Barr Real Estate voids fall ’08 student leases

The apartment building at 105 E. Clark Street on Wednesday. Erica Magda

The apartment building at 105 E. Clark Street on Wednesday. Erica Magda

By Stephanie Benhart

After signing leases for next fall, students who planned on living at two Champaign properties still find themselves without housing arrangements for the coming school year.

The two properties at 105 E. White St. and 105 E. Clark St., owned by the City of Champaign and managed by Barr Real Estate, must be vacated to make room for the city’s Boneyard Creek Second Street Detention Project, said Eleanor Blackmon, assistant city engineer.

“We plan to start construction in 2009, and we need the buildings empty,” she said.

The city purchased the properties in 2000 and Barr Real Estate has managed them since then.

The Boneyard Creek Detention project will use the locations to control storm water and create neighborhood green space, Blackmon said.

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    The city thought they had given Barr verbal notification last fall not to enter into any more lease agreements, “but that’s the problem with verbal notification,” Blackmon said.

    Barr was given formal notice in February, after an unknown number of leases had been signed, she said.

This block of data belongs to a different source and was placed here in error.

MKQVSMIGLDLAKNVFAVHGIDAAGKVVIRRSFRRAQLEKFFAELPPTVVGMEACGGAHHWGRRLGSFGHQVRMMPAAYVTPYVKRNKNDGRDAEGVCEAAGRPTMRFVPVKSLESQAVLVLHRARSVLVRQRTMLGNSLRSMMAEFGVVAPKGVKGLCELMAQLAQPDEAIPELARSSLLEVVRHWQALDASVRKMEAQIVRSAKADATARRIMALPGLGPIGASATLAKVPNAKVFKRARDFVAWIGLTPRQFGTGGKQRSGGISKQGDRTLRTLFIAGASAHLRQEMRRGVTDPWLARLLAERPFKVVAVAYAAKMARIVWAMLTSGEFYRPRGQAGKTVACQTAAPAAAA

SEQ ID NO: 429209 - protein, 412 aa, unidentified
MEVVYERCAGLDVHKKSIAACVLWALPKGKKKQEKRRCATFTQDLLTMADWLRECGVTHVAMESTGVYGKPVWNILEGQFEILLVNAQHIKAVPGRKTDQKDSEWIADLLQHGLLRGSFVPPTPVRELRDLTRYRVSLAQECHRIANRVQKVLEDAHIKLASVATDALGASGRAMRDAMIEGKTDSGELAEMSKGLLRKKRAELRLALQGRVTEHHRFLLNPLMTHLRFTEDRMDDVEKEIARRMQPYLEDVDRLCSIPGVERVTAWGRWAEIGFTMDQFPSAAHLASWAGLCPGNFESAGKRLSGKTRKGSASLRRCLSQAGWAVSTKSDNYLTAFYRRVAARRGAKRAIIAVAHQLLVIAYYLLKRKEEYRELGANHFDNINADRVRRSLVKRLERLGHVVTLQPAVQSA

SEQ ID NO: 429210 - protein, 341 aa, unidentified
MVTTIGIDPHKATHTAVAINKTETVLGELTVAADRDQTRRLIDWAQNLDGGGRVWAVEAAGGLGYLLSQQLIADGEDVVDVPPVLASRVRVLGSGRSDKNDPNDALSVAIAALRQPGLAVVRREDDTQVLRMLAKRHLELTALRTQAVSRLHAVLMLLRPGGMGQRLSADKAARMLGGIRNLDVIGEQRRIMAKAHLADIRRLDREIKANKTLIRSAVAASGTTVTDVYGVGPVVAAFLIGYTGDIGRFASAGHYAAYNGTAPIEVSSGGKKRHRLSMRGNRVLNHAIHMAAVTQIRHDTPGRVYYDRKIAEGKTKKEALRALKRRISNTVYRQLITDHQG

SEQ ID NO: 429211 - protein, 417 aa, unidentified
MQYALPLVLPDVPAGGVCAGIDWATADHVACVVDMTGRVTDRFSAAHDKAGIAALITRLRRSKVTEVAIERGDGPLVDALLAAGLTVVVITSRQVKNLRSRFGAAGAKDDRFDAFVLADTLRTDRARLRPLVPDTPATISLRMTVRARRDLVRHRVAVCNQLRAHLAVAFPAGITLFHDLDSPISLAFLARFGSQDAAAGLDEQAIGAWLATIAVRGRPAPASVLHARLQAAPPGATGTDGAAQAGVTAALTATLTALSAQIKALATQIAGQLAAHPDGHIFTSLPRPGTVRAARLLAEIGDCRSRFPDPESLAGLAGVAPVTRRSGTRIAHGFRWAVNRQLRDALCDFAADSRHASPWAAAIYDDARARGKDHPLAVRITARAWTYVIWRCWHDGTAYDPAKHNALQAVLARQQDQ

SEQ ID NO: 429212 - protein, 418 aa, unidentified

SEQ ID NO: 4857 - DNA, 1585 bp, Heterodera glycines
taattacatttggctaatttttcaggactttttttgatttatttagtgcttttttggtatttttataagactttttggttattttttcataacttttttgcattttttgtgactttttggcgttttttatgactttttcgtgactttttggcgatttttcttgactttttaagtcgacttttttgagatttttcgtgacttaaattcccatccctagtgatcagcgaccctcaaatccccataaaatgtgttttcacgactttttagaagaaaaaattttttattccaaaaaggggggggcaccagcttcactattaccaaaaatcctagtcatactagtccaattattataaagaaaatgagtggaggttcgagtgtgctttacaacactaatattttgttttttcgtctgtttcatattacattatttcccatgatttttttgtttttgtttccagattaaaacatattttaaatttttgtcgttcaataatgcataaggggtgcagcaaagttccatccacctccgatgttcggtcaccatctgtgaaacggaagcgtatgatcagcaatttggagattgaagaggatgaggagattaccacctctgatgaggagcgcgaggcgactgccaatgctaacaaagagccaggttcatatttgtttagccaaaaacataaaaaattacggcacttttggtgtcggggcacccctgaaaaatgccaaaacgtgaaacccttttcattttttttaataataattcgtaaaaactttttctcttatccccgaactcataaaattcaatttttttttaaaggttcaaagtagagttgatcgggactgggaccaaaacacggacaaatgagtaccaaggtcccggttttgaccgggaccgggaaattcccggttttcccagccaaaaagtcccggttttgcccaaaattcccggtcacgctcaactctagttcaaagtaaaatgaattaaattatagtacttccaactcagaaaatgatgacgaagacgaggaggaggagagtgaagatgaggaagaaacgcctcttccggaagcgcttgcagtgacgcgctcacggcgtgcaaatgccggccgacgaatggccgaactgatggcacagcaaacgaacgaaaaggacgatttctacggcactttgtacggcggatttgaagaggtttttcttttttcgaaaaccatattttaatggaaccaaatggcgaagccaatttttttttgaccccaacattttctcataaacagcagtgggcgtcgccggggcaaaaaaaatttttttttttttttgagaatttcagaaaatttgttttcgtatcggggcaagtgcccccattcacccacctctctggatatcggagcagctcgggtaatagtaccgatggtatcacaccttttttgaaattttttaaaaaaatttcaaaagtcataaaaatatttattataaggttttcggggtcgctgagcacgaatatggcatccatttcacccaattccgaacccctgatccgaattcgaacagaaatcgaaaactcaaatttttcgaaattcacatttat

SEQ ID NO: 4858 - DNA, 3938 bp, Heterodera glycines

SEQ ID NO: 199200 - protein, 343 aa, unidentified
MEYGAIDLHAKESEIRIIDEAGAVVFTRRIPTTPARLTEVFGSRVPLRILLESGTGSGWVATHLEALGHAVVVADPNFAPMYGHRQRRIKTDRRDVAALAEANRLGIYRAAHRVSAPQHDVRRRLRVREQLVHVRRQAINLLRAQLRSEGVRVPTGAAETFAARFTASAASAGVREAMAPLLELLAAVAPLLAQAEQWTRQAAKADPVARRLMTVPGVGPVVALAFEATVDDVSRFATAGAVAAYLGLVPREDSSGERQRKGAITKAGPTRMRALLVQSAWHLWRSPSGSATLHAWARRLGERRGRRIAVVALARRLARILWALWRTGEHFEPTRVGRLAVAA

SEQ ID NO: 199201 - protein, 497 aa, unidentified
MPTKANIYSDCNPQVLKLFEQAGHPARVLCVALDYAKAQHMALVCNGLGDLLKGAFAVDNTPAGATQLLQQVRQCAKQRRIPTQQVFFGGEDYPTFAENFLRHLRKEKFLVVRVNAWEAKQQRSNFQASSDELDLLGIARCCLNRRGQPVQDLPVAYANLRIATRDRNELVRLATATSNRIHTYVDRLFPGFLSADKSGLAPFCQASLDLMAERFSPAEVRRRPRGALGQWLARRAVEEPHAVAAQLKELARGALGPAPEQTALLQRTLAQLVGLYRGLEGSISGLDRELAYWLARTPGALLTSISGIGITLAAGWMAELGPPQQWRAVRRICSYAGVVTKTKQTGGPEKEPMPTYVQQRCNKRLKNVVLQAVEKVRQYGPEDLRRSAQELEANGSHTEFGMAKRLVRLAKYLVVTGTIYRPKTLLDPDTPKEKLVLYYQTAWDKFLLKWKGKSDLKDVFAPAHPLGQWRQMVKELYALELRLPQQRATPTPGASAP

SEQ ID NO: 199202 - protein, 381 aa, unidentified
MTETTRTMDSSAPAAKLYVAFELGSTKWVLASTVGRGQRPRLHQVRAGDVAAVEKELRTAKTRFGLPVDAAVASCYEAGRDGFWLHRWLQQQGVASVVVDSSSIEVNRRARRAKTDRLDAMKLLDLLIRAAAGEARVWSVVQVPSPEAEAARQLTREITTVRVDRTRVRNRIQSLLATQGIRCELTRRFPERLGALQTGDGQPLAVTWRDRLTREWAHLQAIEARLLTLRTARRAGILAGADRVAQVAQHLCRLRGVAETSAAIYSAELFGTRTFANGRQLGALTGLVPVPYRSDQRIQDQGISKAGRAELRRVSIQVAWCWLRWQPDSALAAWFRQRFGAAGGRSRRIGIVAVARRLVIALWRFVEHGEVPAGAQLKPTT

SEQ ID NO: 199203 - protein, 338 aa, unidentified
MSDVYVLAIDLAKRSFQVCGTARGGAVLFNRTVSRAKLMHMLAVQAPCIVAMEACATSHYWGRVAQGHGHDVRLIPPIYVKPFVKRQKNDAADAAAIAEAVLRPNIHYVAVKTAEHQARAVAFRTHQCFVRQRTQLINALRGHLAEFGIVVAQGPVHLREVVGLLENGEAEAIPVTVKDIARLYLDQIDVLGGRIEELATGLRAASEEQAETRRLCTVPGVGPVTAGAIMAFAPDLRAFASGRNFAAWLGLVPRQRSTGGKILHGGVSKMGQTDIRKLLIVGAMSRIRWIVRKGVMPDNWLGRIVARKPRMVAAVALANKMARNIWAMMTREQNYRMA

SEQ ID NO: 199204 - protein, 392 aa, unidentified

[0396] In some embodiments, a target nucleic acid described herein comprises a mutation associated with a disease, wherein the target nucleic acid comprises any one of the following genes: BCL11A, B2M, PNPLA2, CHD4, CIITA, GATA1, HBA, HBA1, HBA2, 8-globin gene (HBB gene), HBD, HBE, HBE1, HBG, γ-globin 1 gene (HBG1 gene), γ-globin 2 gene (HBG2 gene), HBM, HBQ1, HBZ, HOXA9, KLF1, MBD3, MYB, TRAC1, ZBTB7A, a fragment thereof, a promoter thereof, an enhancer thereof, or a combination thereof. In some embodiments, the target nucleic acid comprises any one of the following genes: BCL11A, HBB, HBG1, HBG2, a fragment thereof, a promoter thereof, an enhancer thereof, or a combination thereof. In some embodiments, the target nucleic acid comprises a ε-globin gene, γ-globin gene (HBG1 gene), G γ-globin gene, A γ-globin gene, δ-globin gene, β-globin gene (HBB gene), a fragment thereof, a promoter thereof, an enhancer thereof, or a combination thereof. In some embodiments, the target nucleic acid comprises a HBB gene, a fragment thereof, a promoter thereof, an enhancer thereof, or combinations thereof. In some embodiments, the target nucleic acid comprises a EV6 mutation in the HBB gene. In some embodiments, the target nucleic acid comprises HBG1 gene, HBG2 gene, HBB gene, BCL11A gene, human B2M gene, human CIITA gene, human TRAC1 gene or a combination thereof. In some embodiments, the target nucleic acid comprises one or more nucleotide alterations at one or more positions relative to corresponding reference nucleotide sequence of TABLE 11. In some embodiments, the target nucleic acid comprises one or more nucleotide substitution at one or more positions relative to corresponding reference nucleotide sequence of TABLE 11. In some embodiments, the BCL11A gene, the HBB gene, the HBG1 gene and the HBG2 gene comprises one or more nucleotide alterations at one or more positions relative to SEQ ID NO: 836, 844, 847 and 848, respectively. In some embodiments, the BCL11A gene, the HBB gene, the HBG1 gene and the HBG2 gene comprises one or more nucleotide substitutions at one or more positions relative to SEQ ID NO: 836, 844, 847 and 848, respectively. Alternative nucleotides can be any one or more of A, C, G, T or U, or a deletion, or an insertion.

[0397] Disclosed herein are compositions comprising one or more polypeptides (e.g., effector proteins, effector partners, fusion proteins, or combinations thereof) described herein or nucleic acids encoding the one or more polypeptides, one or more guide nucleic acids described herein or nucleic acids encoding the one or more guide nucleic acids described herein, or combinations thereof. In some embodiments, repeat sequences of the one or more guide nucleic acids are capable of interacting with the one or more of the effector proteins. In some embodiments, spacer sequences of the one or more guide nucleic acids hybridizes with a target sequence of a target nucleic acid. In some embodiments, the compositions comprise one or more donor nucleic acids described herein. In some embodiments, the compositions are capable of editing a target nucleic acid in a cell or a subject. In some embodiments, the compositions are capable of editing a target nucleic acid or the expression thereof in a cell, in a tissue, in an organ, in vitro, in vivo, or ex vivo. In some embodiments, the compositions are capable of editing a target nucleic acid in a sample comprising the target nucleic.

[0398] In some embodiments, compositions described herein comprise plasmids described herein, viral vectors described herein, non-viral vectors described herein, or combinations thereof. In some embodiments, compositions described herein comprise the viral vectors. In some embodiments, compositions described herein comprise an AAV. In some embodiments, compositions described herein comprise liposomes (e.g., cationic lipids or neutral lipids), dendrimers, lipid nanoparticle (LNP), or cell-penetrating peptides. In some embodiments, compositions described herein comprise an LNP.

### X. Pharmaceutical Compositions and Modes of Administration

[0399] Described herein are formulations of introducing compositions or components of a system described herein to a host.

Blackmon added it was her understanding that Barr is assisting those who signed leases.

    Barr declined to comment on the situation until given further information from the city.

    Esther Patt, coordinator for the Tenant Union, said they started hearing from students regarding the situation about three weeks ago.

    Patt after the mls listings delray beach said if a landlord signs a lease and is unable to honor that contract, then the lessor is liable for monetary damages incurred from the breeching of that contract.

    “Monetary damages include the difference in rent for a comparable apartment if the tenant has to spend more money for an apartment,” Patt said.

    She added this does not mean students should go out and automatically sign a lease for a more expensive apartment. Students have to prove that they must spend more on the new apartment, adding that students need to be careful about “comparable.”

    Additional costs that could be covered under “monetary damages” may include the moving expenses for tenants currently living in the apartments that they had re-signed for next year. If the contract had not been breached, they would not have to pay these costs. Additionally, Patt said some of these apartments are unfurnished, so hiring a mover may be necessary in some instances.

    Patt added that students do not receive compensation for the hassle of shopping for apartments again. This is something she said she feels should be included but is difficult to make the landlord do.

    “We’ve been referring any inquiries (about compensation) to Student Legal Services,” she said.